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Private hospitals offer more hip and knee replacements than the NHS for the first time since the procedures were widely introduced in the 1960s and 1970s.
While the NHS remains focused on Covid-19, independent hospital chains, including Circle Health Group, Nuffield Health, HCA Healthcare and Spire Healthcare, have doubled the number of private patients, according to an analysis of official figures from the consulting firm in Candesic healthcare for the Financial Times. .
Although the total number of hip and knee surgeries remains lower than in 2019, research found that 56% of the total surgeries performed in the first eight months of this year were performed in private hospitals, against 40% during the same period. two years ago.
Michelle Tempest, analyst at Candesic, said it was a “turning point” that showed more people “are choosing to go private.” “There is a change happening and we are seeing the consumerization of health care; people are starting to shop and some are choosing to go private as the waiting lists keep growing. “
Hip and knee surgeries have traditionally been the ‘bread and butter’ of private hospitals, with outsourced NHS work being an important part of their business model. But the number of NHS patients treated at their facilities has dropped significantly, from 27% of the total volume in 2019 to 18% in 2021.
The shift from NHS work to privately paying patients comes despite long waiting lists for treatment and a deal last year when the government paid all of the operating, interest, rental and staff costs of the hospitals in exchange for their help during the public emergency. The government still has not disclosed the cost.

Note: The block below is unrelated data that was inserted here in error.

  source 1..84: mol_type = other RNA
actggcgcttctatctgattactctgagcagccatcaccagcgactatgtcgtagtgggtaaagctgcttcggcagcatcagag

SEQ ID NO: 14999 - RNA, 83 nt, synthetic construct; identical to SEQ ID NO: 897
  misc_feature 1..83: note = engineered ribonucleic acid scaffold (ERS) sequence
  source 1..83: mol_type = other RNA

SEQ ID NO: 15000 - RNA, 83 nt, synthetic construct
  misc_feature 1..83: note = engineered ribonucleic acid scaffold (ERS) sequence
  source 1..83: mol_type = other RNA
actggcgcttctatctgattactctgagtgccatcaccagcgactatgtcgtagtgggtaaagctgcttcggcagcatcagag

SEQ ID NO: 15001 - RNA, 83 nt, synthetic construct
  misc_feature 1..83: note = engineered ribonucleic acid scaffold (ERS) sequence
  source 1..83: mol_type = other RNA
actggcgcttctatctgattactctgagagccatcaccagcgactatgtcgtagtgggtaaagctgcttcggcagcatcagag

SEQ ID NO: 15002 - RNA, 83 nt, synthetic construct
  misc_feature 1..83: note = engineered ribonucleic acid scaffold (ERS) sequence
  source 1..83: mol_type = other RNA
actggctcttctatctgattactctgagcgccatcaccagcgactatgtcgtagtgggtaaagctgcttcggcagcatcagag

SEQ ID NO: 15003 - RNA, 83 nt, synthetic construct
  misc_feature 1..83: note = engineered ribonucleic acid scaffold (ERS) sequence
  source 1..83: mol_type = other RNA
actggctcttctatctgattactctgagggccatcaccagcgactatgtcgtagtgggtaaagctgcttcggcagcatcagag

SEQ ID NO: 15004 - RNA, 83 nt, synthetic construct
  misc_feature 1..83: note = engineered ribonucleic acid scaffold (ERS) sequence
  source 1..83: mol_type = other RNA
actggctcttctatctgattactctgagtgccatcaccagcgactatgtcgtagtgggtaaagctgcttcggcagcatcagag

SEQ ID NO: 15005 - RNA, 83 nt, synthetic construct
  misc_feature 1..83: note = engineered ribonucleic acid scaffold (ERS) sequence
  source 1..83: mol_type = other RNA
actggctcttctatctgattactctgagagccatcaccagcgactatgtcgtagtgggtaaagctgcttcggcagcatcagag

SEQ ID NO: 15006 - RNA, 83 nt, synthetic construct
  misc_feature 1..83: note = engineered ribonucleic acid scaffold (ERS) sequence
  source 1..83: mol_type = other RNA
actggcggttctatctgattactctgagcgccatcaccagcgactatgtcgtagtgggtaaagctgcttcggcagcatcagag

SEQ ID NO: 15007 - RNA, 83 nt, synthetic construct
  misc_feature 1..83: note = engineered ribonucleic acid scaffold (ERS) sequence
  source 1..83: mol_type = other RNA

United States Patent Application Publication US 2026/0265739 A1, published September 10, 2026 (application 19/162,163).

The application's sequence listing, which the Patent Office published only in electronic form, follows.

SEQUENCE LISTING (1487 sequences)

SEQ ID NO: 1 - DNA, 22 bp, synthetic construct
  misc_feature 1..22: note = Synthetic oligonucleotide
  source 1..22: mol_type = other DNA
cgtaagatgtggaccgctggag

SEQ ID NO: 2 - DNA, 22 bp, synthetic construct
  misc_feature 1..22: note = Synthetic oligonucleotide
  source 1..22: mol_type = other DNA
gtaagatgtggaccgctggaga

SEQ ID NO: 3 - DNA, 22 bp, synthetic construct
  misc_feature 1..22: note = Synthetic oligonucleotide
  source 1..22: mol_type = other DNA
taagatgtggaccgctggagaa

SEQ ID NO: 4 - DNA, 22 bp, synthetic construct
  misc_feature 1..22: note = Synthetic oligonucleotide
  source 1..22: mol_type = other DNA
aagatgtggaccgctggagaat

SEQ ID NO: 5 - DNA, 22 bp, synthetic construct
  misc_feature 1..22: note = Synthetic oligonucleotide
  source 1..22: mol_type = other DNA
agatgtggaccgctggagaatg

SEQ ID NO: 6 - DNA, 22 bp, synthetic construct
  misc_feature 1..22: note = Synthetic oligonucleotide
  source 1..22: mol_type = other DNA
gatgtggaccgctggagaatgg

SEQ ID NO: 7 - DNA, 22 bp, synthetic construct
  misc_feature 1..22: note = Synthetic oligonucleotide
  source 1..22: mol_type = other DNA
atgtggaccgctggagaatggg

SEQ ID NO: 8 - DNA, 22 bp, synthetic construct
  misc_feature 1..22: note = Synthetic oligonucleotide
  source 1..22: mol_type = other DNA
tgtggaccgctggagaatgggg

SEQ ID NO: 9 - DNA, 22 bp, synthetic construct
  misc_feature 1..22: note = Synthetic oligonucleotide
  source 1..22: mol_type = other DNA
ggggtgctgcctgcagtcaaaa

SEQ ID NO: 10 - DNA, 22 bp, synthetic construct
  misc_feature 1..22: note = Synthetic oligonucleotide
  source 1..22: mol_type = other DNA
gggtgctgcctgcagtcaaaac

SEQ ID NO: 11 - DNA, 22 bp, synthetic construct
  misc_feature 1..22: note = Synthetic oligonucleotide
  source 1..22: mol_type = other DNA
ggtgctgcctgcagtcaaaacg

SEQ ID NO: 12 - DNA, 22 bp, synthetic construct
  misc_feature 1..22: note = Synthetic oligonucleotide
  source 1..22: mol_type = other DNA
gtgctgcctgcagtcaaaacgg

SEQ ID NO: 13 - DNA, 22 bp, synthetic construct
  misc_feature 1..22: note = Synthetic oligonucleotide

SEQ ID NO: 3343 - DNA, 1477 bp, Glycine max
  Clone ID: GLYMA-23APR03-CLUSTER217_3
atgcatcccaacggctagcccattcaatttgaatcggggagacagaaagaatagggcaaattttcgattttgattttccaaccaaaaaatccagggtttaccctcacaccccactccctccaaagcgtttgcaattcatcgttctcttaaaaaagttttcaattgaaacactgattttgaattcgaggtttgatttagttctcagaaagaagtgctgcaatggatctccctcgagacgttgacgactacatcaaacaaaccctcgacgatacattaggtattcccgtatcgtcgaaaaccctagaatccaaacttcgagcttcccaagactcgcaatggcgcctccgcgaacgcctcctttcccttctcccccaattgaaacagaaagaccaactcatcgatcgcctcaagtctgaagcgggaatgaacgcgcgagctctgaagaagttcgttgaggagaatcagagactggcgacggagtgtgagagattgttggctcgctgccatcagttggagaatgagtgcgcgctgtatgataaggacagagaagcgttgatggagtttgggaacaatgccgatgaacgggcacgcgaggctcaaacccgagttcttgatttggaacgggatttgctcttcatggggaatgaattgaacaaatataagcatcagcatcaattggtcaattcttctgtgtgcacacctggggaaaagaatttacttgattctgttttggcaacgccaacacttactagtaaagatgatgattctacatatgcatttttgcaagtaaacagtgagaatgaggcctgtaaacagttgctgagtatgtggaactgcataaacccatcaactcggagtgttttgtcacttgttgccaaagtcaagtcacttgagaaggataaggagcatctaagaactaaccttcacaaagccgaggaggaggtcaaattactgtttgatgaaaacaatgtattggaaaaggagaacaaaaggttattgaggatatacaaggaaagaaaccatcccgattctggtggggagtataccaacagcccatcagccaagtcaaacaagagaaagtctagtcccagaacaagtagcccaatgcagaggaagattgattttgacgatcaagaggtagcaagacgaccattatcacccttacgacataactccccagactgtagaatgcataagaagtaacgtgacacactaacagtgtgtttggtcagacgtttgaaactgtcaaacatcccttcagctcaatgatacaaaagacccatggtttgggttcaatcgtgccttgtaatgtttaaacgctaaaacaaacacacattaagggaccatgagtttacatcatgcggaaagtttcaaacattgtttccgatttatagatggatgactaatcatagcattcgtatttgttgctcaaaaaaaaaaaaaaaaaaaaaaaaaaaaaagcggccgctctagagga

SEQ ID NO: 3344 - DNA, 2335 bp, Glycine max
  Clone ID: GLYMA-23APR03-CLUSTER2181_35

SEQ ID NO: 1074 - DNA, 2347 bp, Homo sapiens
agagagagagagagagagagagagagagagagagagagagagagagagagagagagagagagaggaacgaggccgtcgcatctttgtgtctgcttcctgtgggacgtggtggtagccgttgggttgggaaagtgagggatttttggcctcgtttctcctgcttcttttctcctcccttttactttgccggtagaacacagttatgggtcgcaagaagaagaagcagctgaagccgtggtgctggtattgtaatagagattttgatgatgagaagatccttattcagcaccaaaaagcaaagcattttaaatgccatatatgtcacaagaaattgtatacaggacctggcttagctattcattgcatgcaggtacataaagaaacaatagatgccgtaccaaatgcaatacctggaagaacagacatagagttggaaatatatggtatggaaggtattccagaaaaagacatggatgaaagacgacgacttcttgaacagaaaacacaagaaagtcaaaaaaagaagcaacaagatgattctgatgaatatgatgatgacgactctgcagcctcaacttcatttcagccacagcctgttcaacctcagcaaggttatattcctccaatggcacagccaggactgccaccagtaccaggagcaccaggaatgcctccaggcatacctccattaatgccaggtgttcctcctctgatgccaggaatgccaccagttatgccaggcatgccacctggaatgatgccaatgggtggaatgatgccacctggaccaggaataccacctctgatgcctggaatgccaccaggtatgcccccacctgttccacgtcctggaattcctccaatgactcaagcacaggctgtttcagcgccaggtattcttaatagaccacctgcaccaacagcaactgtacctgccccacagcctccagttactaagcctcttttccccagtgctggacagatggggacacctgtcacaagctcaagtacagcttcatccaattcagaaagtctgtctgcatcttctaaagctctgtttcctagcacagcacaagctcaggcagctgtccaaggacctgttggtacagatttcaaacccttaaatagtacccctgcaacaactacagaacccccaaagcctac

David Rowland, director of the independent think tank Center for Health and the Public Interest, said the private hospital sector could not provide this level of activity without the use of thousands of NHS consultants working in their spare time.
“It must be difficult for the 5.3 million people on NHS waiting lists to know that NHS employees are choosing to spend their time treating paying patients rather than helping clear the backlog of the NHS, ”he said.
Although most private operations are still paid for through insurance plans, the biggest growth has been patients paying an upfront fee for their operation, especially in areas where NHS hospitals have been slow to re-establish elective surgeries. The price for a hip or knee replacement surgery varies between £ 8,000 and £ 15,000 depending on the provider and location.
Private hospital operators prefer self-paid patients because the margins are higher than for outsourced NHS work. “Everyone in the industry is having an exceptional year for self-pay,” said a private hospital operator. “All of the private hospitals are pretty full and are looking at how they can increase productivity, for example by opening weekend evenings. If you run a private hospital for the sake of profitability, you want self-pay as much as possible.
Circle Health Group, which merged with BMI to become Britain’s largest private hospital operator, said it was using MRI scanners on the backs of trucks in hospital parking lots to deal with the increase in Requirement. It is also expanding two of its hospitals with factory-built modular theaters this fall as part of a £ 100million investment program.
Spire, the only listed private hospital company in the UK with 40 hospitals across the country, has already reported an 81% increase in self-pay revenue in the second quarter of 2021 compared to the second quarter of 2019.
Growth of the private sector may be hampered by a shortage of operating room capacity, as well as staff, most of whom work for the NHS. However, two of the largest hospital chains in the United States – the Mayo Clinic and the Cleveland Clinic – are planning to expand in the UK, with Cleveland planning to hire its own doctors breaking the model used by the rest of the hospital industry. private. .
Research shows NHS hospitals have restarted elective surgeries such as hips and knees at very different rates, with some areas like South West London performing only 10% of the operations they performed before the crisis .